Latest Kuiper Belt Object 2014 MU69 imaged by New Horizons. Credit: NASA/JHU-APL/ SwRI

Latest Kuiper Belt Object 2014 MU69 imaged by New Horizons. Credit: NASA/JHU-APL/ SwRI

Greetings Earthlings to another segment of Universe Playpen!

And our universe of knowledge has expanded just a little these past couple weeks! The New Horizons mission just successfully imaged the farthest object we have- MU69 in the Kuiper Belt!

This magnificent object has been puzzling us since it became the next extended mission as New Horizons ZOOMS through the Kuiper Belt. And it didn’t disappoint! In fact, it gave us even more questions to think about, such as: how do binary objects form in the Kuiper Belt? What kind of ices are involved? Are there others with the same coloring and structure of squishiness?

SO MANY QUESTIONS! This should keep us busy for a while…

A little bit about MU69:

From the latest pictures downloaded from New Horizons, there are numerous small pits up to about 0.7 kilometers in diameter. The large circular feature, about 7 km across, on the smaller of the two lobes, also appears to be a deep depression. Not clear is whether these pits are impact craters or features resulting from other processes, such as venting of volatile materials, like comets.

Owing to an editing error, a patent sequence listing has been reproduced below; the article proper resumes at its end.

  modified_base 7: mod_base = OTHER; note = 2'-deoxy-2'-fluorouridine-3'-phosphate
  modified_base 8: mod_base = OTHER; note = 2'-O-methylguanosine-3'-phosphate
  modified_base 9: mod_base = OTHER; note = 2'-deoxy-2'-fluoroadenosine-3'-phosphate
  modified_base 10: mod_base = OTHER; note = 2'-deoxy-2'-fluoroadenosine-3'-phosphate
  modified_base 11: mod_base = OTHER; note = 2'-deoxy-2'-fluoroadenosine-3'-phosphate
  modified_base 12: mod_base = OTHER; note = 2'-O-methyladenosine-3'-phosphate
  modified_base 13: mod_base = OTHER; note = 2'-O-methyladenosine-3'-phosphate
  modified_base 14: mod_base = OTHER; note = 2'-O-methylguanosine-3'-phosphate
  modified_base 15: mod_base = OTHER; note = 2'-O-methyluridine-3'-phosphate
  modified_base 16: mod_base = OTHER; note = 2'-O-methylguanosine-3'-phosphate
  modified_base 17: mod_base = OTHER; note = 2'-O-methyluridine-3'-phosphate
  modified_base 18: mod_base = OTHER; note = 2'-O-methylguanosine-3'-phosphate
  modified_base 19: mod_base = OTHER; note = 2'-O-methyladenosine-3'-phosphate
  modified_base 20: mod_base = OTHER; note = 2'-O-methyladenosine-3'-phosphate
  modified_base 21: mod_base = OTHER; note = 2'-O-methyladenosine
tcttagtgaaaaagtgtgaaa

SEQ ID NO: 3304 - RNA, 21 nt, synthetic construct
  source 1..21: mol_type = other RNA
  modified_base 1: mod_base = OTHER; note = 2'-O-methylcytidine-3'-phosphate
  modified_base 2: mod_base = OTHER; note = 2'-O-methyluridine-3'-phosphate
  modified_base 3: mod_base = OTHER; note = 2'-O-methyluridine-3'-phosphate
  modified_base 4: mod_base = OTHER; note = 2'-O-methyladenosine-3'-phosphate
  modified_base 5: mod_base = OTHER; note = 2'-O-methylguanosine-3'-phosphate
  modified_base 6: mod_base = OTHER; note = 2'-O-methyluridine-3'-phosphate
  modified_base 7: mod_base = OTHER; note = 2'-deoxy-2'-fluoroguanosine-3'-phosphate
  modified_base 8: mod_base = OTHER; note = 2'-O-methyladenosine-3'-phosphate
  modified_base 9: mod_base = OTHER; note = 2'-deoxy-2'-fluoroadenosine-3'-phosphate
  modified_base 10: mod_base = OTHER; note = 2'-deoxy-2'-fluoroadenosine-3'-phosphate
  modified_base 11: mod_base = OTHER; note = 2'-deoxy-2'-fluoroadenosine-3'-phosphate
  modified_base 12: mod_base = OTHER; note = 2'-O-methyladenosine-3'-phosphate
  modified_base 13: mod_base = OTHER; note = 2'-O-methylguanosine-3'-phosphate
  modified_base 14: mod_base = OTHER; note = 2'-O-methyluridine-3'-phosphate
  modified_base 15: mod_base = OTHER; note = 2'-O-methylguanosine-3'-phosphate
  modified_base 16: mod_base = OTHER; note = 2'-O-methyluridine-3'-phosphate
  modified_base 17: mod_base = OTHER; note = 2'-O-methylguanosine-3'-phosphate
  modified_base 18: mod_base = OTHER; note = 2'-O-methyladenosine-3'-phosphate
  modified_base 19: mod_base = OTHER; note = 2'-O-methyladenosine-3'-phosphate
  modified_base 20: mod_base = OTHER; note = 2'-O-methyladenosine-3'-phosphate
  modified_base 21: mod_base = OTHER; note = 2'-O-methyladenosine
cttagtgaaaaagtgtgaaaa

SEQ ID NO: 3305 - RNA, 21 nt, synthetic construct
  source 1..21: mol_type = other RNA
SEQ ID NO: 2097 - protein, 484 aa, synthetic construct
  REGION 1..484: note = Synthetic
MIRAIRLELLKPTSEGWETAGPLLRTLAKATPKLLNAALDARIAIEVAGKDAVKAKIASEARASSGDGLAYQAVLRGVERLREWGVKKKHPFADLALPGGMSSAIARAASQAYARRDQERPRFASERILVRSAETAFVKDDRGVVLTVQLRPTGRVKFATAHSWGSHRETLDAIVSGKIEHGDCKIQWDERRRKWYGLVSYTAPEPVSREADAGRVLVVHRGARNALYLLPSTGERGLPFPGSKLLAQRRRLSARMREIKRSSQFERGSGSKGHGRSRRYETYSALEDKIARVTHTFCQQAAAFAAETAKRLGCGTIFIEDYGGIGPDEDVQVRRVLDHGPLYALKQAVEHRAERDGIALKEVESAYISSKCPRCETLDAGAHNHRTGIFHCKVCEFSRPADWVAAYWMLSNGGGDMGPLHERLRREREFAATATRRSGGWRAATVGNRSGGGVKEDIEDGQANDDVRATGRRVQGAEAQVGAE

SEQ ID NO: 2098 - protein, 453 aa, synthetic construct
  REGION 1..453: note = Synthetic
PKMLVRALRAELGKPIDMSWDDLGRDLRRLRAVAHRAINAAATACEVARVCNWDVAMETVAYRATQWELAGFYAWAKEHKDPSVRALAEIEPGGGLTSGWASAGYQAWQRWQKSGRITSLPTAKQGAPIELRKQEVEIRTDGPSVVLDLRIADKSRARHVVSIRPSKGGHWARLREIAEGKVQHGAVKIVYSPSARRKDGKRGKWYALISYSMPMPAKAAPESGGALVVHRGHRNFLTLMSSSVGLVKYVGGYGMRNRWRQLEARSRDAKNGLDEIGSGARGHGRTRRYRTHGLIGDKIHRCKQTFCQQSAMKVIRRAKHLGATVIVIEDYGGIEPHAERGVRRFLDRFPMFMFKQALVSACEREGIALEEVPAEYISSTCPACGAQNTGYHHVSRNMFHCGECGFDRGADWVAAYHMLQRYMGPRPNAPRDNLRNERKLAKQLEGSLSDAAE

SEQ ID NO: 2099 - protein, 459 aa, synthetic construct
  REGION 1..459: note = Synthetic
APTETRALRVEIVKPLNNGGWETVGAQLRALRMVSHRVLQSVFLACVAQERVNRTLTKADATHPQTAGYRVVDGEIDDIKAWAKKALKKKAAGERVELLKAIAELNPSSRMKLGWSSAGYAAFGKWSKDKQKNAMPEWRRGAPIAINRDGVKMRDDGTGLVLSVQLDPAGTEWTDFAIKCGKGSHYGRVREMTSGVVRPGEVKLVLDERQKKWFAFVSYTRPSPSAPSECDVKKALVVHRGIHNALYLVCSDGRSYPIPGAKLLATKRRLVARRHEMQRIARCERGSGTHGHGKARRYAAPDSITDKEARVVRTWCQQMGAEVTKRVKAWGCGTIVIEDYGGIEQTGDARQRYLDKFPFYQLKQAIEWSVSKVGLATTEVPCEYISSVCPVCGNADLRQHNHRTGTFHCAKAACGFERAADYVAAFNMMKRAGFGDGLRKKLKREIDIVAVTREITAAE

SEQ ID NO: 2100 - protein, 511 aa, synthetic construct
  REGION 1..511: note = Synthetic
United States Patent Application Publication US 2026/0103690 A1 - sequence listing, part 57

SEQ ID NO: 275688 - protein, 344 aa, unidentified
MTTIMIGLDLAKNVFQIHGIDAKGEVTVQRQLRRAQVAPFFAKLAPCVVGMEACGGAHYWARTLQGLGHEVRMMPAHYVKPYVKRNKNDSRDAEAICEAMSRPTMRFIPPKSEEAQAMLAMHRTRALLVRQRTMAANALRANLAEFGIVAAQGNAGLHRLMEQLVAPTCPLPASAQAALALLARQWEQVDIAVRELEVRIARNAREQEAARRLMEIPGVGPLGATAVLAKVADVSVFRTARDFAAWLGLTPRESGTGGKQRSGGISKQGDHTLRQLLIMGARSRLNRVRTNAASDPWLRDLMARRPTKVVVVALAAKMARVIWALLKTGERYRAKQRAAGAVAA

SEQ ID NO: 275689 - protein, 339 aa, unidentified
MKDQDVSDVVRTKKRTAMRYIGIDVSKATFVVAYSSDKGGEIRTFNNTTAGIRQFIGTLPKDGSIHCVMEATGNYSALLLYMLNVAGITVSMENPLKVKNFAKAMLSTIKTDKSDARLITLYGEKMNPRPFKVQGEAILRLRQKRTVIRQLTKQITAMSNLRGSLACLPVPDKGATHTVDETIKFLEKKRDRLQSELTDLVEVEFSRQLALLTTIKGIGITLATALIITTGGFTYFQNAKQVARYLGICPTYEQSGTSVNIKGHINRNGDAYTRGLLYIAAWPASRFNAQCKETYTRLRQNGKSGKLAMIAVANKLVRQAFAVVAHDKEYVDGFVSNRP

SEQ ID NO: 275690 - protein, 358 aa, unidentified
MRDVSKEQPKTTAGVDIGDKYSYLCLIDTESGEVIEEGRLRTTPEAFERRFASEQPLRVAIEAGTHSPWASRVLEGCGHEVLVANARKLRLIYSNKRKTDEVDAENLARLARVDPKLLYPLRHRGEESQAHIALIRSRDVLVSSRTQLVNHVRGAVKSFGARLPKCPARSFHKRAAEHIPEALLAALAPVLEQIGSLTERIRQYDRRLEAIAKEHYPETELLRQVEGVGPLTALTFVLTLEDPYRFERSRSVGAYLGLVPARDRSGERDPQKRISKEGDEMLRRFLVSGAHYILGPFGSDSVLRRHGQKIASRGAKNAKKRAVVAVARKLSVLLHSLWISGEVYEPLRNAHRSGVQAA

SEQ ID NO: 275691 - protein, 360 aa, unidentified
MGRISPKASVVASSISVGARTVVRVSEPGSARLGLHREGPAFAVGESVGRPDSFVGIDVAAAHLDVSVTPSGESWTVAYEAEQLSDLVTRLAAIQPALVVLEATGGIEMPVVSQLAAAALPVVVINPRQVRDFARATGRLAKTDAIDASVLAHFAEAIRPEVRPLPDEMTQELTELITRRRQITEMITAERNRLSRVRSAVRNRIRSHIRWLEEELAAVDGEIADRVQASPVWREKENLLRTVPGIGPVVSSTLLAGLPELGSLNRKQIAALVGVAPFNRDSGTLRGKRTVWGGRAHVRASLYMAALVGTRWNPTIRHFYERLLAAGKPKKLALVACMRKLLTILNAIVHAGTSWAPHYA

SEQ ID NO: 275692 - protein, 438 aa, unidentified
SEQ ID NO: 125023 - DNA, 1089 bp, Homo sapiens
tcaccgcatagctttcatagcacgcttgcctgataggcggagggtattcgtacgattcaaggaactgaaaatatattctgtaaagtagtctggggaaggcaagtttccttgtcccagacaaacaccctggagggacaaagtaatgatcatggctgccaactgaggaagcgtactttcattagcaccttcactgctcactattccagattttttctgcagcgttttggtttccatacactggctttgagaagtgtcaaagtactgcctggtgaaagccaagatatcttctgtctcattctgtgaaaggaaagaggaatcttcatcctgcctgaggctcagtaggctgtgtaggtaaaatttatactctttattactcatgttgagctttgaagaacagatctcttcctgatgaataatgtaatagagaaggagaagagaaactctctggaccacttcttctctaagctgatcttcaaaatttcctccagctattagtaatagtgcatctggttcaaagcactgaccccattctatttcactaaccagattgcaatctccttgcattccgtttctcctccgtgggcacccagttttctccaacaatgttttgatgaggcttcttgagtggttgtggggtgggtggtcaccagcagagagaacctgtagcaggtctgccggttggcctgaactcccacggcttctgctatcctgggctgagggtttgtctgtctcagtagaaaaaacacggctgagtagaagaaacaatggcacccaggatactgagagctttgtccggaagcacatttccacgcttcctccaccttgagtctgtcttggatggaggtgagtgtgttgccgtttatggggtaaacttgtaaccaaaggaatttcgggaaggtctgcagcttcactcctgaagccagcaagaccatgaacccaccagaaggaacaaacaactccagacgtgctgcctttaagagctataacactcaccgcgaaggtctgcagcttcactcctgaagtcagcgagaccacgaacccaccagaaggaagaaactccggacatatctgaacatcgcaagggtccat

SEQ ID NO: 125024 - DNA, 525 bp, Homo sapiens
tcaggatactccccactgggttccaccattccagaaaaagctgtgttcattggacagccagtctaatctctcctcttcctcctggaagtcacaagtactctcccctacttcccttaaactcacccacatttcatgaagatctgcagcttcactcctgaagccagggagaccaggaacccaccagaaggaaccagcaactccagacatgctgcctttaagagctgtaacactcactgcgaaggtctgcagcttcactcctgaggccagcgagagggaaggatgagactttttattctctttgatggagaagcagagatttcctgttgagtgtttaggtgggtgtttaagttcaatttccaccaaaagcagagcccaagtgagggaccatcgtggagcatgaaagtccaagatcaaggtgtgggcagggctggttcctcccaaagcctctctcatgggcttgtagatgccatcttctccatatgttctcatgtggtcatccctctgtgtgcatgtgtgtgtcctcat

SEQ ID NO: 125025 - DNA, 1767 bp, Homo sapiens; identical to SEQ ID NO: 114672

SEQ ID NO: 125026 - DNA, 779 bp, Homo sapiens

Both lobes also show many intriguing light and dark patterns of unknown origin, which may reveal clues about how this body was assembled during the formation of the solar system 4.5 billion years ago. One of the most striking of these is the bright "collar" separating the two lobes!

Currently, data downloading is REALLY SLOW! That is, New Horizons is currently over 4 billion miles away, so a 1-way signal to the spacecraft takes over 6 hours! Hopefully we’ll get more updated images in the coming weeks!

Thank you for reading and come back next week for a look at some awesome Titan rain clouds!